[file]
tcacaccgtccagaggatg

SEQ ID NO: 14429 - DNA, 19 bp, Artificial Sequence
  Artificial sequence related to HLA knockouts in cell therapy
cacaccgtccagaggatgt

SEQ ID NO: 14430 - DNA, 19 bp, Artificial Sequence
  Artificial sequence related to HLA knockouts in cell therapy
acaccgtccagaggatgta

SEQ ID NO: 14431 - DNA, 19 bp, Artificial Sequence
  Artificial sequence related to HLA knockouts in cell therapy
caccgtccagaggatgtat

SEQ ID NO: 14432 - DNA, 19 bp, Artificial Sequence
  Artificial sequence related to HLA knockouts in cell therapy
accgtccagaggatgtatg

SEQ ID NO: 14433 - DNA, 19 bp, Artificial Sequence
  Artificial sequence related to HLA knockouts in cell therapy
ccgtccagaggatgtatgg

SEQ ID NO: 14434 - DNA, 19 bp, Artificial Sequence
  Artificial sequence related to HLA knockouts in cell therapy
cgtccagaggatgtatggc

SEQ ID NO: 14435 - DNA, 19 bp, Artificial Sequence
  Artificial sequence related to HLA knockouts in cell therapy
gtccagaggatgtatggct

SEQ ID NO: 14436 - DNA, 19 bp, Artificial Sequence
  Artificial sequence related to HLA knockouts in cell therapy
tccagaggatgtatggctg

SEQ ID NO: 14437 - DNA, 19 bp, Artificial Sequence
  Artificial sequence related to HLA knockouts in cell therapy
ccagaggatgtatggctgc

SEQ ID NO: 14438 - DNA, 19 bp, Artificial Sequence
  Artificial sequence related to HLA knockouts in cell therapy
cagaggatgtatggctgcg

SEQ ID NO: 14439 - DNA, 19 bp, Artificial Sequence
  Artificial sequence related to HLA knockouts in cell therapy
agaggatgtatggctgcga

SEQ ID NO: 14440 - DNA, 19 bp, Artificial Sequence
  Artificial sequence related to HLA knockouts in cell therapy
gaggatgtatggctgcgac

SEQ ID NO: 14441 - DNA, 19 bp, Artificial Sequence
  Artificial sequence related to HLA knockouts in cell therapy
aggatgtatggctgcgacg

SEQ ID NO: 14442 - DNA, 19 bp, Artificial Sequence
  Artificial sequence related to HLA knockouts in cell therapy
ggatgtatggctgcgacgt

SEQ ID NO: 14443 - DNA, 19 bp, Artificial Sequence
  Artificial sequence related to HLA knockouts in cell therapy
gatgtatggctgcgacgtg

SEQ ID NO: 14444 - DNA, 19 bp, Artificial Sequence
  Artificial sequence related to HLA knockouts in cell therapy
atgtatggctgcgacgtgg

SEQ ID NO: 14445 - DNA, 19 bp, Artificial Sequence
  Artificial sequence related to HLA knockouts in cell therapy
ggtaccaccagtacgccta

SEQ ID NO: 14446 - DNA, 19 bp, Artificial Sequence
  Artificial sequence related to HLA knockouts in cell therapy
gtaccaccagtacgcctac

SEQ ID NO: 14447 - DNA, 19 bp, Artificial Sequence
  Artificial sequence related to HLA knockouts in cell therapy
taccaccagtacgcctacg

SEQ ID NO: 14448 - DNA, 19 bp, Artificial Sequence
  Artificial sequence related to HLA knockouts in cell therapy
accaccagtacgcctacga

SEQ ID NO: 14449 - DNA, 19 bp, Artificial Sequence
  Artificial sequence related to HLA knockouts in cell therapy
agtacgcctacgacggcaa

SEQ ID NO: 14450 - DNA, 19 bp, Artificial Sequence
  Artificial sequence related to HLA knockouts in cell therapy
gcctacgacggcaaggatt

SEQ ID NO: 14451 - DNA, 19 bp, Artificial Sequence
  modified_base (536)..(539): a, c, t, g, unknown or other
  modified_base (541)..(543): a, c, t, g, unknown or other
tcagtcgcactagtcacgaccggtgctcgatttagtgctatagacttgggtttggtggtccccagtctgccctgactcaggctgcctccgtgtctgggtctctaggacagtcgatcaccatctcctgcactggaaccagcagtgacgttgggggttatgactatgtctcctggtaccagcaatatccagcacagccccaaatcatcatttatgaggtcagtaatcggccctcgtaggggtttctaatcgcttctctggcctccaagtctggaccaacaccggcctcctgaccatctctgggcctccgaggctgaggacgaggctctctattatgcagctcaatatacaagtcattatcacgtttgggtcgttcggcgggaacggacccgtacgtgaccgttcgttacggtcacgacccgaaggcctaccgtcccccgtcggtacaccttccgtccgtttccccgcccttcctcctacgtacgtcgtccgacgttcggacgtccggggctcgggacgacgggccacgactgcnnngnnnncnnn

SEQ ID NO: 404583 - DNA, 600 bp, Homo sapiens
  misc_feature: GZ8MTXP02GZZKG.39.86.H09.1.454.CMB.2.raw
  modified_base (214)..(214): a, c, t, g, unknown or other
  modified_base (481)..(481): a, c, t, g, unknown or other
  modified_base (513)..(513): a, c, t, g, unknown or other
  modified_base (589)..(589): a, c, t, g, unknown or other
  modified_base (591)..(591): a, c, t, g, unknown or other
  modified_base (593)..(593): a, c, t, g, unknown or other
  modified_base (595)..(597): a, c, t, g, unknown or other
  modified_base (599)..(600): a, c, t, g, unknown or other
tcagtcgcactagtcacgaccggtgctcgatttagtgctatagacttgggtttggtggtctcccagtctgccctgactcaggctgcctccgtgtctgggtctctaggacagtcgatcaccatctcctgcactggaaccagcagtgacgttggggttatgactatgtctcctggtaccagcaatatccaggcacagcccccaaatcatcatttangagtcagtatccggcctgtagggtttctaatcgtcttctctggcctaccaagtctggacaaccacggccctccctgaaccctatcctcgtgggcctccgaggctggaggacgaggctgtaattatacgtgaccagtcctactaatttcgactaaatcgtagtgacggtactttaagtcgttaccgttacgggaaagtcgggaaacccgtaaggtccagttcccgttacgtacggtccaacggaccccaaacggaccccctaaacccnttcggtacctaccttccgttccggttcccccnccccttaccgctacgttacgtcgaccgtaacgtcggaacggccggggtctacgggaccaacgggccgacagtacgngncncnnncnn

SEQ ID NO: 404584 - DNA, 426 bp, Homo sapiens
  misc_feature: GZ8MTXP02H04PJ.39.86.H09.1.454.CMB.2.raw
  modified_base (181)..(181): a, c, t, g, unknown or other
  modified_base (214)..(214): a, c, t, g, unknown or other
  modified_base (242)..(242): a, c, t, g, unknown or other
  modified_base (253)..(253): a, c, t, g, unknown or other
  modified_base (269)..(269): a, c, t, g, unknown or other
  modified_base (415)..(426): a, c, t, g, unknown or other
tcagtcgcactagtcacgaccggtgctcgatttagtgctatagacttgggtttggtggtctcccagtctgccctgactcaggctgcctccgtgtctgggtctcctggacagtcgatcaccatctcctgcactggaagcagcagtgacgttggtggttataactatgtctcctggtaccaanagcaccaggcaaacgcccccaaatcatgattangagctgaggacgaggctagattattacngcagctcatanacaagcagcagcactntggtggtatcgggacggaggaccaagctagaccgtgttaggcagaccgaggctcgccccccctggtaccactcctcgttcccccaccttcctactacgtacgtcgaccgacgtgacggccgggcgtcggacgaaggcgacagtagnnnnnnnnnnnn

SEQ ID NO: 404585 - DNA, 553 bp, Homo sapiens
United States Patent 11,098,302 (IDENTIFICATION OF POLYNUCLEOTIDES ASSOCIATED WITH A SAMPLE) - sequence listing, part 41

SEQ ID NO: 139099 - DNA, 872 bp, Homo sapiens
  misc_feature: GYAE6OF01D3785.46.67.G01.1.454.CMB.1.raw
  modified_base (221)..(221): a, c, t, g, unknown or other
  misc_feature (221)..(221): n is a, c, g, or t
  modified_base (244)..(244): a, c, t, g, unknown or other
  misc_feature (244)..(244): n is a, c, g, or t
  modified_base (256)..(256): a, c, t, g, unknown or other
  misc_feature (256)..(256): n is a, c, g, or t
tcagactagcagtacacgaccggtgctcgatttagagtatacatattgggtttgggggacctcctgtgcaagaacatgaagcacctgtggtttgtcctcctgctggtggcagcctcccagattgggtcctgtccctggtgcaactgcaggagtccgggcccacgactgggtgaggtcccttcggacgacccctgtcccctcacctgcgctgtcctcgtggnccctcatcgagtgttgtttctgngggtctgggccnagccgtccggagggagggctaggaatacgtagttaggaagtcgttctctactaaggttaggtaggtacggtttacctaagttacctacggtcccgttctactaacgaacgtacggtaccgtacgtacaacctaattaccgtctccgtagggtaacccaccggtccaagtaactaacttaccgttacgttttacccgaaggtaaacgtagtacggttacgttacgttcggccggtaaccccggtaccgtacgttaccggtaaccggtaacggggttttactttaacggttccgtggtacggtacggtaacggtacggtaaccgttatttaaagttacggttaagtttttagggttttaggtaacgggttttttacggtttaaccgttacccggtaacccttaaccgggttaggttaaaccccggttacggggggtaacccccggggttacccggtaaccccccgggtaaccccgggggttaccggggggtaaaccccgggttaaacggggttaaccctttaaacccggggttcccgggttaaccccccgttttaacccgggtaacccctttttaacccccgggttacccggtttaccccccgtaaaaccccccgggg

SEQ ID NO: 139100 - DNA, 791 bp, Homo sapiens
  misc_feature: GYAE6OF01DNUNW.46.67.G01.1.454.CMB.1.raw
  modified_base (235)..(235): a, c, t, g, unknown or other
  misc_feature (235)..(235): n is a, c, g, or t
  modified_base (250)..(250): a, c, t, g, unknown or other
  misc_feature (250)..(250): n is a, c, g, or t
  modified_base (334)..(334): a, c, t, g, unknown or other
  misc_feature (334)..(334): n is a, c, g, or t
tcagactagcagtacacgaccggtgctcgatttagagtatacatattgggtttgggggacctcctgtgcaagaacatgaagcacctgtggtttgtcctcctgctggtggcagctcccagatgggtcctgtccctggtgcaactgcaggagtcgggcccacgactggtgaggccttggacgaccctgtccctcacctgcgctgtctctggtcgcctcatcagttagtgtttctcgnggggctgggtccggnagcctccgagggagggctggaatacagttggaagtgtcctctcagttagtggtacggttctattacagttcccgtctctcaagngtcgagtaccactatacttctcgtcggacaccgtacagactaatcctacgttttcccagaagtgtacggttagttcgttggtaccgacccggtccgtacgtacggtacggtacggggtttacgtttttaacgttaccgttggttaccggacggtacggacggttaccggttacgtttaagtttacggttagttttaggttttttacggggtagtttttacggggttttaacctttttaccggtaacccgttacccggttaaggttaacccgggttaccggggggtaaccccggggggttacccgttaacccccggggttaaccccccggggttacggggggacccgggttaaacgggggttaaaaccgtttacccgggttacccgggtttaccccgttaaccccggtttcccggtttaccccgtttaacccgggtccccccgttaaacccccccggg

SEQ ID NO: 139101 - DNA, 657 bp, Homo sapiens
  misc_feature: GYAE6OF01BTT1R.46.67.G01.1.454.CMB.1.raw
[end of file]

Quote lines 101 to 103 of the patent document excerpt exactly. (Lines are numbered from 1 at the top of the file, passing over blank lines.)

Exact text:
  misc_feature (256)..(256): n is a, c, g, or t
tcagactagcagtacacgaccggtgctcgatttagagtatacatattgggtttgggggacctcctgtgcaagaacatgaagcacctgtggtttgtcctcctgctggtggcagcctcccagattgggtcctgtccctggtgcaactgcaggagtccgggcccacgactgggtgaggtcccttcggacgacccctgtcccctcacctgcgctgtcctcgtggnccctcatcgagtgttgtttctgngggtctgggccnagccgtccggagggagggctaggaatacgtagttaggaagtcgttctctactaaggttaggtaggtacggtttacctaagttacctacggtcccgttctactaacgaacgtacggtaccgtacgtacaacctaattaccgtctccgtagggtaacccaccggtccaagtaactaacttaccgttacgttttacccgaaggtaaacgtagtacggttacgttacgttcggccggtaaccccggtaccgtacgttaccggtaaccggtaacggggttttactttaacggttccgtggtacggtacggtaacggtacggtaaccgttatttaaagttacggttaagtttttagggttttaggtaacgggttttttacggtttaaccgttacccggtaacccttaaccgggttaggttaaaccccggttacggggggtaacccccggggttacccggtaaccccccgggtaaccccgggggttaccggggggtaaaccccgggttaaacggggttaaccctttaaacccggggttcccgggttaaccccccgttttaacccgggtaacccctttttaacccccgggttacccggtttaccccccgtaaaaccccccgggg

SEQ ID NO: 139100 - DNA, 791 bp, Homo sapiens